Eurozone leaders agreed a deal to help Greece last month
The euro has jumped and stock markets have risen on reports that eurozone leaders have agreed the details of a plan to rescue debt-ridden Greece.
Leaders had finally agreed an interest rate at which to lend money to Greece, should it be needed, the reports said.
As a result, the euro gained more than 1 cent on the dollar, to $1.3466, while the Athens stock exchange rose 3.4%.
This was despite the fact that leading ratings agency Fitch downgraded Greek government debt earlier on Friday.
Other leading European markets also gained ground, with the UK's FTSE 100 index up 1%, Germany's Dax gaining 1.3% and France's Cac 40 rising 1.8%.
The in US, the main Dow Jones index briefly breached 11,000 points for the first time in 18 months, before closing up 0.6% at 10,997.
The euro also rose slightly against the pound, to 87.630 pence.
Last month, the EU and IMF announced plans to provide a 22bn-euro (£20bn; $29.5bn) safety net that could be drawn on should Greece be unable to raise the funds it needs to pay off its debts.
But this did little to calm investors' nerves as few details of how the plan would work were revealed.
There were even concerns that disagreements between eurozone partners about the precise details of any rescue package may not be resolved.
As a result, the cost of borrowing on the financial markets for the Greek government kept on rising, reaching record levels of 7.5% on Thursday.
Reports now suggest that eurozone leaders have agreed a rate at which to lend money to Athens, which means it will not have to rely on raising funds in the financial markets.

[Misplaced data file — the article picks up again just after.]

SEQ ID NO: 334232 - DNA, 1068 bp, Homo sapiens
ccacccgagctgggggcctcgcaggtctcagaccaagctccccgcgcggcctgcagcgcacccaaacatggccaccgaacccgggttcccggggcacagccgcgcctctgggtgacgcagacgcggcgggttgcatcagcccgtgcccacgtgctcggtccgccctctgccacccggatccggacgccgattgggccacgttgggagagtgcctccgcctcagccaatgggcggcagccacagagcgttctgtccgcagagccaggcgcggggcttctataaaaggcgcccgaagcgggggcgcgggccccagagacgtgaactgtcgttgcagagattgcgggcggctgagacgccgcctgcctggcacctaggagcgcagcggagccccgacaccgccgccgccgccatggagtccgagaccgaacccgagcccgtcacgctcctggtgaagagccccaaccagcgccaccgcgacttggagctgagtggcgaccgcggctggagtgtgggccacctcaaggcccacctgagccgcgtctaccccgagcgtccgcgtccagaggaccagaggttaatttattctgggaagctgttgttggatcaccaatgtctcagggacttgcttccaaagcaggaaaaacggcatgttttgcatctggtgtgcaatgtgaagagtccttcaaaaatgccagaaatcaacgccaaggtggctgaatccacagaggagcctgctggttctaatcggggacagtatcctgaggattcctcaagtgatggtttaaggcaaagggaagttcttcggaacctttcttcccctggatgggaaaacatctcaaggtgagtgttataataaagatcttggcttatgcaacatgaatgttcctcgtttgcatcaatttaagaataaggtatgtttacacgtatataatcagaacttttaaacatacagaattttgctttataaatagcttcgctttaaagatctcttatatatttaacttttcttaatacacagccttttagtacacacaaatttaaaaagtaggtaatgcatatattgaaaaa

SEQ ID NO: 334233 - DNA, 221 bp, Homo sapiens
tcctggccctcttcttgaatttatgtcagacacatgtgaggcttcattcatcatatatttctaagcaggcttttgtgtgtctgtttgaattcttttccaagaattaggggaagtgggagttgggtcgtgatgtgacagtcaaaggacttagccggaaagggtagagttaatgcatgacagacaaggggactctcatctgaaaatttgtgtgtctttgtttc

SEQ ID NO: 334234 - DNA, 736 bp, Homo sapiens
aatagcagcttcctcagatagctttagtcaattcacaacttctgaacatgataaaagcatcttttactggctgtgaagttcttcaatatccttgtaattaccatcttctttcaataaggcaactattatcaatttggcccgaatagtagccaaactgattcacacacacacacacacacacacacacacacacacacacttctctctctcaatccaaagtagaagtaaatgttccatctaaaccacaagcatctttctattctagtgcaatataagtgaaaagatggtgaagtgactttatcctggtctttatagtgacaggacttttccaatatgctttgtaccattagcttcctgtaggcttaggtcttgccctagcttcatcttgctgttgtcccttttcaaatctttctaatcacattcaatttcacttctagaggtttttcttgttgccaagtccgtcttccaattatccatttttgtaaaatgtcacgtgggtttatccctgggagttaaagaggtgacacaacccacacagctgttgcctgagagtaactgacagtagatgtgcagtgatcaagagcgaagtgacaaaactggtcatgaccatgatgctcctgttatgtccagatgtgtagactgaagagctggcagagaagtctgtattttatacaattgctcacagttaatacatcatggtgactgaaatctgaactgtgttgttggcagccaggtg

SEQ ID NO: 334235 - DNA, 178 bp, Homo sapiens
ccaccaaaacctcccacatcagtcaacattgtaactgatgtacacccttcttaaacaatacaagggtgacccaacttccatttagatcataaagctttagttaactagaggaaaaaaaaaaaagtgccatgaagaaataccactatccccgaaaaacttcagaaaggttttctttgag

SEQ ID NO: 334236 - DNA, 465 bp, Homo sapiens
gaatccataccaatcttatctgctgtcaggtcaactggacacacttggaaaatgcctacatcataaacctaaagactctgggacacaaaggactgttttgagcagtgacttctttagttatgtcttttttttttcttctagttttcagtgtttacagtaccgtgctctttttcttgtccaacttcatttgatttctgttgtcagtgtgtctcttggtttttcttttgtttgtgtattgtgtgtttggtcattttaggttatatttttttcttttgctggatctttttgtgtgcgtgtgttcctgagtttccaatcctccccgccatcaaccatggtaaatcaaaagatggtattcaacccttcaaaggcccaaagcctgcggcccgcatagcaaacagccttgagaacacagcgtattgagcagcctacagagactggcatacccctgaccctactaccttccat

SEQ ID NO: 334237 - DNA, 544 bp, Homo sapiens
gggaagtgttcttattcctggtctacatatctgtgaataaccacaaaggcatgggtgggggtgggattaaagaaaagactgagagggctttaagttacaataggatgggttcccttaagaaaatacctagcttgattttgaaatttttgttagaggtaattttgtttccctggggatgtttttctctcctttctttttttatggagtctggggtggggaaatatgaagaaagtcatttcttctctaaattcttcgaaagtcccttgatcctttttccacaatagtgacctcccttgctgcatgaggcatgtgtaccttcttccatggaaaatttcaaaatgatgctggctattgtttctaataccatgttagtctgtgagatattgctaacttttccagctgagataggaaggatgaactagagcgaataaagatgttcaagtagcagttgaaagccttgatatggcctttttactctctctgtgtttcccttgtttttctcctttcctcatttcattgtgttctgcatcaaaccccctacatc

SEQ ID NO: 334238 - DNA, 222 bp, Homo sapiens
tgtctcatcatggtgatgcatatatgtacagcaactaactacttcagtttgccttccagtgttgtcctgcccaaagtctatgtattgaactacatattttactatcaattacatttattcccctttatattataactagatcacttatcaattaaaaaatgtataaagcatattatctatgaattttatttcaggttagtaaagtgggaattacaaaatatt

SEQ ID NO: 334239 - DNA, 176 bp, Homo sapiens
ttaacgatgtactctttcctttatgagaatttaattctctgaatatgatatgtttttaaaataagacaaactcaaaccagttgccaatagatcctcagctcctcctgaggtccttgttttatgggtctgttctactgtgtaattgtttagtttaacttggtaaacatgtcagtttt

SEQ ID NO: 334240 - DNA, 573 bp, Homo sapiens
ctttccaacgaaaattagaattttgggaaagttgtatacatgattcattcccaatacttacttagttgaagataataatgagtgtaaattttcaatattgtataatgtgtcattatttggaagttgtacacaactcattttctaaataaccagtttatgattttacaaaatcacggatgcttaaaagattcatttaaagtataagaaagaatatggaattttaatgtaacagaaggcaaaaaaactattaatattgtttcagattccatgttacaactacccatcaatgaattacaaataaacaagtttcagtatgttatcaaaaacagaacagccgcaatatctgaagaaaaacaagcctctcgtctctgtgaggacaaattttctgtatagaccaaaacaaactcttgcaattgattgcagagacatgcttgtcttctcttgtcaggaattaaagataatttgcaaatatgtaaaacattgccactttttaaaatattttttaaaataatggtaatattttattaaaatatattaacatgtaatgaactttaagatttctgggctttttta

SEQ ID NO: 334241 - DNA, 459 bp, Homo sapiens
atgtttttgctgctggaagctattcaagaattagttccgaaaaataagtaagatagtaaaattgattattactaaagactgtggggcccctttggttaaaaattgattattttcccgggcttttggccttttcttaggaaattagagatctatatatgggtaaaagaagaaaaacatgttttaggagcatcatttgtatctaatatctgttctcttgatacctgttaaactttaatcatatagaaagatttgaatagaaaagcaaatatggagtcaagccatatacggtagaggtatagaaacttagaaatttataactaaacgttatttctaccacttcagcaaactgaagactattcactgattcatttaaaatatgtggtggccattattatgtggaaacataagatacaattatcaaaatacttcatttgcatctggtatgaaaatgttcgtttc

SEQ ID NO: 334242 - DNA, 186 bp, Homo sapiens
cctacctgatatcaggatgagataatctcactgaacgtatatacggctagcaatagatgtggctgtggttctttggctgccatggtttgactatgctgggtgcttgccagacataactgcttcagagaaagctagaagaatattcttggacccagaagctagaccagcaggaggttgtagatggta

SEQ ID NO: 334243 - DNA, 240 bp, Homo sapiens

This will be lower than the market rate, making it cheaper for Greece to borrow money.
Although Greece still maintains it does not plan to turn to its eurozone partners and the IMF for any loans, investors now believe it will have little choice.
Fitch downgraded Greece's credit rating by two notches, from BBB+ to BBB-, amid growing fears the country will not be able to resolve its debt problems without help.
The BBB- rating is significant, as this is the lowest rating that qualifies as an investment grade bond. Any further downgrade would mean Greece losing its investment grade status with Fitch.
Share prices in Athens have been hit by the uncertainty
If the two other major credit rating agencies, Standard & Poor's and Moody's, were to follow Fitch's lead, then a lot of big institutional fund managers, such as pension funds, would not be allowed to invest in Greek debt.
Greece is currently rated BBB+ by Standard & Poor's and A2 by Moody's.
The downgrade put more pressure on Greece to resolve its debt crisis quickly, and came as leading investors called for Greece to seek financial help.
"Now is the time to put some money on the table," John Stopford, co-head of fixed income at Investec, told the BBC.
"We are getting down to two options - an IMF package of financial support or organised debt restructuring."
His comments were echoed by Alistair Newton, strategist at Nomura Securities, who said it was "increasingly likely" that the Greek government would ask for a rescue from the EU and IMF.
A bail-out was likely to come before the end of May, he told the BBC.
The current volatility in the money markets would continue until that happened, he said, making Greece's current strategy of borrowing its way out of trouble unfeasible.